By Erin Sherbert
By Erin Sherbert
By Leif Haven
By Erin Sherbert
By Chris Roberts
By Kate Conger
By Brian Rinker
By Rachel Swan
As Latinos have passed blacks as the country's largest minority group, much controversy has ensued over whether one group's success means pushing the other out of jobs. A 2006 Pew Research Center poll indicated that blacks are more likely than whites to see immigrants as taking jobs away from Americans. Former Mexican President Vicente Fox created a media circus in 2005 after he commented that Mexicans take the U.S. jobs "even blacks don't want to do." In 2006, 28 percent of construction workers in this country were born in another country, according to the Bureau of Labor Statistics.
But in San Francisco, even with the unemployment rate of African-American men hovering at three times that of Latino men, the alleged efforts at the AIMCO site to divide the two races instead had the opposite effect. The two groups have joined in a perhaps a uniquely American display of solidarity — suing their common enemy, the employer, as one.
The suit alleges a number of violations of state labor code and antidiscrimination law, including:
• Job-site supervisors and foremen, mostly Latinos themselves, took $100 to $400 a week from Latino workers, either by cashing paychecks and withholding the money or having workers cash their own checks and give kickbacks.
• Qualified black carpenters were repeatedly told there was no work available, even while subcontractors continued to hire Latinos.
• Black and Latino workers worked on separate crews.
• Black workers hardly ever worked a 40-hour week, while Latinos often worked overtime and sometimes weekends.
• Management hid several nonunion workers in a warehouse when the carpenters' union reps came to visit.
• Black workers were repeatedly told they were too slow and inexperienced. At least once, instructions for a job were given only in Spanish to a group of Latinos and blacks, leaving the black workers without instructions.
• Latino workers were pressured to do fast and shoddy work; one job-site supervisor said it was because only black people would live in those units.
For now, construction at the site has stopped for what a spokesman says is a normal delay in building phases, though the company vows it will restart work in early April. The carpenters and community activists demand that the individuals named in the lawsuit do not return. Meanwhile, AIMCO is passing the blame. In a letter to city supervisors before a hearing on the issue last month, senior vice president Patti Shwayder said that the allegations focus on employees of the subcontractors hired by Fortney & Weygandt, and that AIMCO would require that company to remove the subcontractors from the job if the allegations were true.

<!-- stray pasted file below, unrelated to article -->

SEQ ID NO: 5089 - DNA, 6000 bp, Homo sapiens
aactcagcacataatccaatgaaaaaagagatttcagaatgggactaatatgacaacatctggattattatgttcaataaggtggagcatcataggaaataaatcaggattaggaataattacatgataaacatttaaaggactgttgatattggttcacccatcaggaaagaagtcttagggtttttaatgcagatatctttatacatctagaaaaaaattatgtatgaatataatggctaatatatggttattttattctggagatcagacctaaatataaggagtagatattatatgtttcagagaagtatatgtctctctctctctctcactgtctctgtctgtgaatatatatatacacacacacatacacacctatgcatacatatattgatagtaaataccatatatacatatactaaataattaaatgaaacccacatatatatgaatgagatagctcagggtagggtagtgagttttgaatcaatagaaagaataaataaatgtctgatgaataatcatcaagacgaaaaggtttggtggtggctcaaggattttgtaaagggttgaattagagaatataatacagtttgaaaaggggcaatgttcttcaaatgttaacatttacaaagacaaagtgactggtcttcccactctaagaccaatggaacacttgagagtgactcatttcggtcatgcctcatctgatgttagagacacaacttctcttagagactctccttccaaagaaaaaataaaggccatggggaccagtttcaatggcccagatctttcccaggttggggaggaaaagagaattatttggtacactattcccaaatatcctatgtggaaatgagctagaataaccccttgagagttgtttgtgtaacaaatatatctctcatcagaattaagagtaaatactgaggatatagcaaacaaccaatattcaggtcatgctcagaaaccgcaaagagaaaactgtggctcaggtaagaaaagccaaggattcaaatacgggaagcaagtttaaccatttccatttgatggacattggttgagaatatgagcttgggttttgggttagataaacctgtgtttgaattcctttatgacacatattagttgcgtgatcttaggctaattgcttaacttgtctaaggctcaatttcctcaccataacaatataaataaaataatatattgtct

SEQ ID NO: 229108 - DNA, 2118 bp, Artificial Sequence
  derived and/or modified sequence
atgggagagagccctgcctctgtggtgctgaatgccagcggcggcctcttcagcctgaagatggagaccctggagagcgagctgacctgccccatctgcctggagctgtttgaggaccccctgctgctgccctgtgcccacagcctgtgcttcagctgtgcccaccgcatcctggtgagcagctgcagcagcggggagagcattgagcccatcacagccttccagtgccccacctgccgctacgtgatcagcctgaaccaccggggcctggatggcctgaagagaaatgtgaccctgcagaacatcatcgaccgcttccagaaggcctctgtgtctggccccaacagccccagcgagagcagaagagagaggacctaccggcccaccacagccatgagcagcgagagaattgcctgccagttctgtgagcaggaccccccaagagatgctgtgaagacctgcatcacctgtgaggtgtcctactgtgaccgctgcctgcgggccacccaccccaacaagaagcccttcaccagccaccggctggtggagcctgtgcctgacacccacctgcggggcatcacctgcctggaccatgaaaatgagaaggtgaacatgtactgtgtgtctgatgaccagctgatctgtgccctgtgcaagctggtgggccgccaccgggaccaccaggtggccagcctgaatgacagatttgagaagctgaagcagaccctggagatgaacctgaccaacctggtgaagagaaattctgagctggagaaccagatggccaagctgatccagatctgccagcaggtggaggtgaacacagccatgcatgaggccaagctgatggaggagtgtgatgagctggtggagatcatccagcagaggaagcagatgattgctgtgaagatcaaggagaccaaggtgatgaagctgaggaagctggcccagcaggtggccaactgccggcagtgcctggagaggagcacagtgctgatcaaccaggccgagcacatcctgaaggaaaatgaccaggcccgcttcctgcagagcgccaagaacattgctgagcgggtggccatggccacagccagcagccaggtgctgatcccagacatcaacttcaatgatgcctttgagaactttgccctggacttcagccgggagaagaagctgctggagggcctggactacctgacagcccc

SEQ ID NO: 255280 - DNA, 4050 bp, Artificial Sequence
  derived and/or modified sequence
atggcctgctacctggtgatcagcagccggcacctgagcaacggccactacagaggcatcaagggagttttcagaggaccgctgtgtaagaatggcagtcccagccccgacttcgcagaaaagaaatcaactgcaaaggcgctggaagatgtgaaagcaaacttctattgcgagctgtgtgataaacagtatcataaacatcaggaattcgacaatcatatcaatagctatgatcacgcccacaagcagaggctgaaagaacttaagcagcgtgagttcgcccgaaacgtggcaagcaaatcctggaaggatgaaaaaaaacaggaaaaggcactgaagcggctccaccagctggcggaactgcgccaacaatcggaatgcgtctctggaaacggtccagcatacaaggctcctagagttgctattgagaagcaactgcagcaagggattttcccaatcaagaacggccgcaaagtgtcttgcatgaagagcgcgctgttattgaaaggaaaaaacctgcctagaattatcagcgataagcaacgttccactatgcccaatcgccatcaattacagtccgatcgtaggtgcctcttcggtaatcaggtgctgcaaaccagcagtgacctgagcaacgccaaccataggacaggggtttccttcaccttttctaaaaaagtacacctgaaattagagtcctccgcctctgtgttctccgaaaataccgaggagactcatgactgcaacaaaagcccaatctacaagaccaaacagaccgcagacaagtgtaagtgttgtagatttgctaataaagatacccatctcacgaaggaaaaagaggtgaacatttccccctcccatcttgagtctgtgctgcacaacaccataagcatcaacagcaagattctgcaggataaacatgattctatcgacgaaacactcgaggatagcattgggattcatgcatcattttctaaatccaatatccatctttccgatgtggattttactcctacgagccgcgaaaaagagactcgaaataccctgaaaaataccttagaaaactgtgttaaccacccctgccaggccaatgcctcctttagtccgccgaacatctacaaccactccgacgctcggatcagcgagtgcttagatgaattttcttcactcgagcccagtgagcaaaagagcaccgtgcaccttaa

Fortney & Weygandt's general superintendent on the site, Mike Cunningham (no relation to Ernesto), who is named in the suit, says he was sorry to hear "there's just so much discontent," and was surprised by the allegations of kickbacks: "I wasn't aware of every little detail that was going on, but so be it," he told SF Weekly. All hiring and firing is up to the subcontractors, he added.
Attorney Paul Simpson represents the two subcontractors accused of extorting wage kickbacks, Daly City-based roofing company IMR Contractor Corporation, and San Rafael-based Bay Building Services. Simpson says his clients deny any discrimination or kickbacks, and that they would take "appropriate action" if any employee was proven to have done so. While the lawsuit accuses IMR owner Moises Avila of sharing kickbacks and echoing Ernesto Cunningham's racist rhetoric, Simpson describes Avila as "a roofer [who] worked his way up. He's an American success story, and these allegations are very hurtful to him." (Avila referred all questions to Simpson, his attorney.)
Simpson's clients have reason to worry: This could result in a costly settlement or jury-awarded damages, and multiple city officials and carpenters say that the district attorney is investigating. (The DA's office will not confirm or deny an investigation.) The state criminal code allows a two-to-four-year prison sentence for extortion, possibly tacking on a year for each consecutive count up to a total sentence of eight years. Three Latino carpenters say that managers were taking money from at least a dozen workers every week for months on end, although it's unknown how many would testify to it in court.
For now, the allegations must be treated with skepticism, but there's little denying that it would be an extraordinary feat of coordination for 27 workers, half of whom can barely communicate with the other half without a translator, to come up with similar tales. As Bob Salinas, the Oakland attorney who is representing the workers in the suit, asks, "Could my guys have been making that up?"
At a City Hall public hearing last month, supervisors were clearly concerned. Carmen Chu nodded in solemn agreement as Jeff West, a carpenter apprentice who lives in one of the AIMCO properties and worked on the site, explained that he wanted to be a role model to men in the area by getting a job. "But to come to work and be a taxpayer and be called a nigger? I deserve everything ... that another man deserves."
Salinas adds that the alleged statements from the warehouse meeting — that the bosses wanted to fire all the blacks and that the Latinos were "at war" with them — hark back to antidiscrimination cases of eras past, before employers knew to hide their racist hand. "To prove this, the jury just has to believe this statement is true, and it's over," he says. "Do you think it takes a trained legal expert to see these things were based on race?" Other evidence is even more explicit. Salinas provided the SF Weekly with a photo he said West had taken of graffiti scrawled in a bathroom on the construction site in January, including the words "fuck all nigger's," "slave," "monkey's," and "AID'S."